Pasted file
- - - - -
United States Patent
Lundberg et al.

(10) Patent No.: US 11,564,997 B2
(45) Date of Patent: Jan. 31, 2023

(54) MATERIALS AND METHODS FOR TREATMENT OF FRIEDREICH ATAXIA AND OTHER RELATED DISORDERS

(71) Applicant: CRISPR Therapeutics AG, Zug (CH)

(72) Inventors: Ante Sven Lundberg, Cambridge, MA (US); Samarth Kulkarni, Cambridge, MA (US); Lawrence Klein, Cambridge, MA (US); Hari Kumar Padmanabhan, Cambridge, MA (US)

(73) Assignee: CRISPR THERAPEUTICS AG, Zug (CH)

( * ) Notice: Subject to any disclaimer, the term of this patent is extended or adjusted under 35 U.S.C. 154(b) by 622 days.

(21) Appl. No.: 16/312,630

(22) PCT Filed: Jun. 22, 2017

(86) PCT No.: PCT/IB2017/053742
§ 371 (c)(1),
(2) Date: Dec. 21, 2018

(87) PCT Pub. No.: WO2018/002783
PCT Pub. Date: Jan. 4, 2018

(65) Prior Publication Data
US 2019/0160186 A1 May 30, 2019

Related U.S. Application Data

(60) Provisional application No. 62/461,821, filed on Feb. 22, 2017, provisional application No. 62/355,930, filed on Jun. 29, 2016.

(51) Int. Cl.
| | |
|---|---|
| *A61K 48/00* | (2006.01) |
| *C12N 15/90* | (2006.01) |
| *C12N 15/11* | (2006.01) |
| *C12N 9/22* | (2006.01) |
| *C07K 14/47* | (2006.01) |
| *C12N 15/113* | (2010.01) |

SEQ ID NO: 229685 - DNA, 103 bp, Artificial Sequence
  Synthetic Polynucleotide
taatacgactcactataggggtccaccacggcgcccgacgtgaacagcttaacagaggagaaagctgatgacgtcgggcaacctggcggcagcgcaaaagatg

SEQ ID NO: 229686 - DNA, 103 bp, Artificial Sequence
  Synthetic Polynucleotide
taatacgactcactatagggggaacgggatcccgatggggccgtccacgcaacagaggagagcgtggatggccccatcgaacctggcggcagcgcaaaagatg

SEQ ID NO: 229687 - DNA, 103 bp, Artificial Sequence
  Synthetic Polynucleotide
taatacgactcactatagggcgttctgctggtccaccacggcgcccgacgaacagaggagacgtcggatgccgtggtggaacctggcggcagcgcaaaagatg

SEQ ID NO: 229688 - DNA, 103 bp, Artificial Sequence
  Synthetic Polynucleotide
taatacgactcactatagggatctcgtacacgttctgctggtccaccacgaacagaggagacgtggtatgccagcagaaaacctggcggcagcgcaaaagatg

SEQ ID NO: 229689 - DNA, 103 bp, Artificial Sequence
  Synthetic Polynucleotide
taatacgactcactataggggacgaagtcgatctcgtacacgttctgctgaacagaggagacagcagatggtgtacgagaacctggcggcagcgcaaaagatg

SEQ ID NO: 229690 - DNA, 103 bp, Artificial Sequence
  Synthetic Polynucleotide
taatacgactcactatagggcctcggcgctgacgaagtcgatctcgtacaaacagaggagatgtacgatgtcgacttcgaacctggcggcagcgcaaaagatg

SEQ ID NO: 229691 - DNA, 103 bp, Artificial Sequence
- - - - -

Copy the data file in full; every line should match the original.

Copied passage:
United States Patent
Lundberg et al.

(10) Patent No.: US 11,564,997 B2
(45) Date of Patent: Jan. 31, 2023

(54) MATERIALS AND METHODS FOR TREATMENT OF FRIEDREICH ATAXIA AND OTHER RELATED DISORDERS

(71) Applicant: CRISPR Therapeutics AG, Zug (CH)

(72) Inventors: Ante Sven Lundberg, Cambridge, MA (US); Samarth Kulkarni, Cambridge, MA (US); Lawrence Klein, Cambridge, MA (US); Hari Kumar Padmanabhan, Cambridge, MA (US)

(73) Assignee: CRISPR THERAPEUTICS AG, Zug (CH)

( * ) Notice: Subject to any disclaimer, the term of this patent is extended or adjusted under 35 U.S.C. 154(b) by 622 days.

(21) Appl. No.: 16/312,630

(22) PCT Filed: Jun. 22, 2017

(86) PCT No.: PCT/IB2017/053742
§ 371 (c)(1),
(2) Date: Dec. 21, 2018

(87) PCT Pub. No.: WO2018/002783
PCT Pub. Date: Jan. 4, 2018

(65) Prior Publication Data
US 2019/0160186 A1 May 30, 2019

Related U.S. Application Data

(60) Provisional application No. 62/461,821, filed on Feb. 22, 2017, provisional application No. 62/355,930, filed on Jun. 29, 2016.

(51) Int. Cl.
| | |
|---|---|
| *A61K 48/00* | (2006.01) |
| *C12N 15/90* | (2006.01) |
| *C12N 15/11* | (2006.01) |
| *C12N 9/22* | (2006.01) |
| *C07K 14/47* | (2006.01) |
| *C12N 15/113* | (2010.01) |

SEQ ID NO: 229685 - DNA, 103 bp, Artificial Sequence
  Synthetic Polynucleotide
taatacgactcactataggggtccaccacggcgcccgacgtgaacagcttaacagaggagaaagctgatgacgtcgggcaacctggcggcagcgcaaaagatg

SEQ ID NO: 229686 - DNA, 103 bp, Artificial Sequence
  Synthetic Polynucleotide
taatacgactcactatagggggaacgggatcccgatggggccgtccacgcaacagaggagagcgtggatggccccatcgaacctggcggcagcgcaaaagatg

SEQ ID NO: 229687 - DNA, 103 bp, Artificial Sequence
  Synthetic Polynucleotide
taatacgactcactatagggcgttctgctggtccaccacggcgcccgacgaacagaggagacgtcggatgccgtggtggaacctggcggcagcgcaaaagatg

SEQ ID NO: 229688 - DNA, 103 bp, Artificial Sequence
  Synthetic Polynucleotide
taatacgactcactatagggatctcgtacacgttctgctggtccaccacgaacagaggagacgtggtatgccagcagaaaacctggcggcagcgcaaaagatg

SEQ ID NO: 229689 - DNA, 103 bp, Artificial Sequence
  Synthetic Polynucleotide
taatacgactcactataggggacgaagtcgatctcgtacacgttctgctgaacagaggagacagcagatggtgtacgagaacctggcggcagcgcaaaagatg

SEQ ID NO: 229690 - DNA, 103 bp, Artificial Sequence
  Synthetic Polynucleotide
taatacgactcactatagggcctcggcgctgacgaagtcgatctcgtacaaacagaggagatgtacgatgtcgacttcgaacctggcggcagcgcaaaagatg

SEQ ID NO: 229691 - DNA, 103 bp, Artificial Sequence